I learned SO MUCH earlier this year while working through the Truth About Fat series and I’ve been sitting on pins and needles, anxiously waiting with excitement for the next series – AND IT’S FINALLY HERE! I’m excited to officially kick off the next series – Candid Carbs – a series through carbohydrates in Nourishing Traditions.
Does your body ever crave a big bowl of pasta, or feel the need for a piece of bread (with butter!) even though you’ve eaten a plate full of meat and veggies?
Or what about that hanckerin’ for “something sweet” that comes around 4pm… and then again just when dinner clean-up is complete?
Carbohydrates cover a large spectrum of our daily diet – oatmeal or biscuits for breakfast, sandwiches for lunch, a variety of rice, pasta and other grains for dinner… and this doesn’t even touch the myriad of sweets going on in our house at any given time (another chocolate cake is calling my name!).
Processed carbohydrates are in expensive and many families (unknowingly) rely on carbohydrates to make ends meet. 64¢ for a pound of white rice coupled with 78¢ spent on a pound of pinto beans and you’ve got some frugal meals with a fair bit of nutrition (thanks to the beans).
At the other end of the spectrum you have families who avoid carbohydrates because of serious illness, or even suffer from unpleasant side effects.
Sally Fallon address carbohydrates next in Nourishing Traditions, but she also offers additional insight later on the book. There are a hidden gem pages tucked away among her recipes that were just as interesting as the front section! And I almost overlooked them!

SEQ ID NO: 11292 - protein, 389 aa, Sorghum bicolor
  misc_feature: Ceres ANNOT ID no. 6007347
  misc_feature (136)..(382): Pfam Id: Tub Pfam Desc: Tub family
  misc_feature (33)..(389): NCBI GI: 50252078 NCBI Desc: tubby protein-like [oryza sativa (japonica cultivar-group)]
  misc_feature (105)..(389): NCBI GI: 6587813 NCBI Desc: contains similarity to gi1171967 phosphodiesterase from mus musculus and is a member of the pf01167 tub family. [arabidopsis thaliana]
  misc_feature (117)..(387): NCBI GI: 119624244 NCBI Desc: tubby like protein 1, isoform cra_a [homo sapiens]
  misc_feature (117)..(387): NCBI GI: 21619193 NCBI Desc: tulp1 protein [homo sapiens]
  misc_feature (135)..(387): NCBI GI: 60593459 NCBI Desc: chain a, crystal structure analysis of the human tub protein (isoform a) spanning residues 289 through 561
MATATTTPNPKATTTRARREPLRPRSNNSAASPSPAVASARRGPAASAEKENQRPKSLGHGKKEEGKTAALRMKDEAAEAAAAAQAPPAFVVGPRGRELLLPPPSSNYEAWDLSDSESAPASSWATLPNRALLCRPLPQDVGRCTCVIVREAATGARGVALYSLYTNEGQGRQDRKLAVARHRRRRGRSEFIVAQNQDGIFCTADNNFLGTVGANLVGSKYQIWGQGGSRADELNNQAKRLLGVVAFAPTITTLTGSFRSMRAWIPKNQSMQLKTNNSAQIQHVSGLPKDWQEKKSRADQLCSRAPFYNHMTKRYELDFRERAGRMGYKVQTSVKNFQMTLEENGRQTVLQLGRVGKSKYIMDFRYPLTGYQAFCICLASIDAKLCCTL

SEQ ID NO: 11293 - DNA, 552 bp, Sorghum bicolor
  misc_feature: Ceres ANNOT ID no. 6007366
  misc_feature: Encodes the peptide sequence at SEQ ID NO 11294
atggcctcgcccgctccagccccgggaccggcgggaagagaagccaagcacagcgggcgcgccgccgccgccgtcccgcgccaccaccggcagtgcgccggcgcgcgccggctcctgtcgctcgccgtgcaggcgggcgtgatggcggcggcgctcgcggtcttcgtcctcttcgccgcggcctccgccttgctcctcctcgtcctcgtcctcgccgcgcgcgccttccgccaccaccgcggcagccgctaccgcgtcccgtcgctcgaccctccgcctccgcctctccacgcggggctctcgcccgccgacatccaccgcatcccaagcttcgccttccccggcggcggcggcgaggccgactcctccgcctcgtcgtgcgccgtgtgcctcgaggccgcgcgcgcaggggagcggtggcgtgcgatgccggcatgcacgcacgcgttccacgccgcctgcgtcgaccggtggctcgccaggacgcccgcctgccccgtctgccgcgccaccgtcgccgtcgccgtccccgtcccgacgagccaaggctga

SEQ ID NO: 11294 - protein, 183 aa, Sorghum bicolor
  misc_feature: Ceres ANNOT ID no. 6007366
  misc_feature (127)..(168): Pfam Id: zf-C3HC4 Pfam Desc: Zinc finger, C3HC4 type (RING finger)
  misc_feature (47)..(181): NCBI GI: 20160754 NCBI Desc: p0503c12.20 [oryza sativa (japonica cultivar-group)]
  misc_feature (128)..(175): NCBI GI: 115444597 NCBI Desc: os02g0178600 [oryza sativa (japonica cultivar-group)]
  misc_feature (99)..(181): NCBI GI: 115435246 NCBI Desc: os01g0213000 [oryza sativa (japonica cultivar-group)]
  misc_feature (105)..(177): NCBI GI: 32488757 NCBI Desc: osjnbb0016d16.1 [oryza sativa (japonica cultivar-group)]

When you add it all up, the topic of carbohydrates is huge. I’ve been jotting down ideas and notes for a couple months now and there’s easily 30 bullet points that I want to discuss.
I’ve broken this very big topic down into two smaller chunks so we can go through each thoroughly, educate ourselves and begin to integrate small changes into our routines so that we’re not biting off more than we can chew. By the time the series is over, we’ll be improving not just what we eat, but how we eat it.
We’ll discuss the sweet side of carbohydrates later, but first up is the starchy side, covering everything from flour to rice to pasta to grains. Here are some of the questions we’ll definitely address (because I want answers!):
- What is a carbohydrate?
- How does the body process carbs?
- What’s the difference between refined (white) and unrefined (whole) grains?
- Is there a relationship between carbs (either starches and/or sweets) and tooth decay?
- What is “fortification?” What is “bromated?”
- Does bleached flour really contain bleach?
- Is there a right or wrong way to eat grains?
- What’s the deal with soaking and sprouting? Is it really necessary?
- If so, how do we allow time for soaking when life is busy enough as it is?
That is just a rough outline of course, and there will be MUCH more information included within each of those questions – 30 bullet points, remember? I’m also curious about white vs. brown rice, whether using honey instead of sugar is really that much better for you, and most importantly – how am I supposed to make cookies when all those “natural” sugars are so darn expensive?!
I’m sure you guys have questions about carbs too. My mom asked on Facebook why wheat is making her feel bloated and icky after meals, even though she doesn’t have any allergies and isn’t celiac. I’ve noticed myself that eating a few chocolate chip oatmeal cookies (with the coconut oil and wheat flour substitution I mentioned on Facebook) makes my tummy a bit upset later. Is it the wheat? The sugar? Both? Neither?
Nourishing Traditions has some recipes that will fall under the carbohydrate series too, so we’ll start seeing more of those on a regular basis. Some of the recipes look a bit “iffy”… as in I’m not sure my family will eat them. I have no doubt buttermilk pancakes will be a winner, but yogurt pizza dough? Do you think my East Coast pizza-loving husband will notice? I’ll share which recipes we’re incorporating into our regular meal plans, as well as the recipes we aren’t, and how we’re doing it all within our meager $330 monthly grocery budget. Come join me!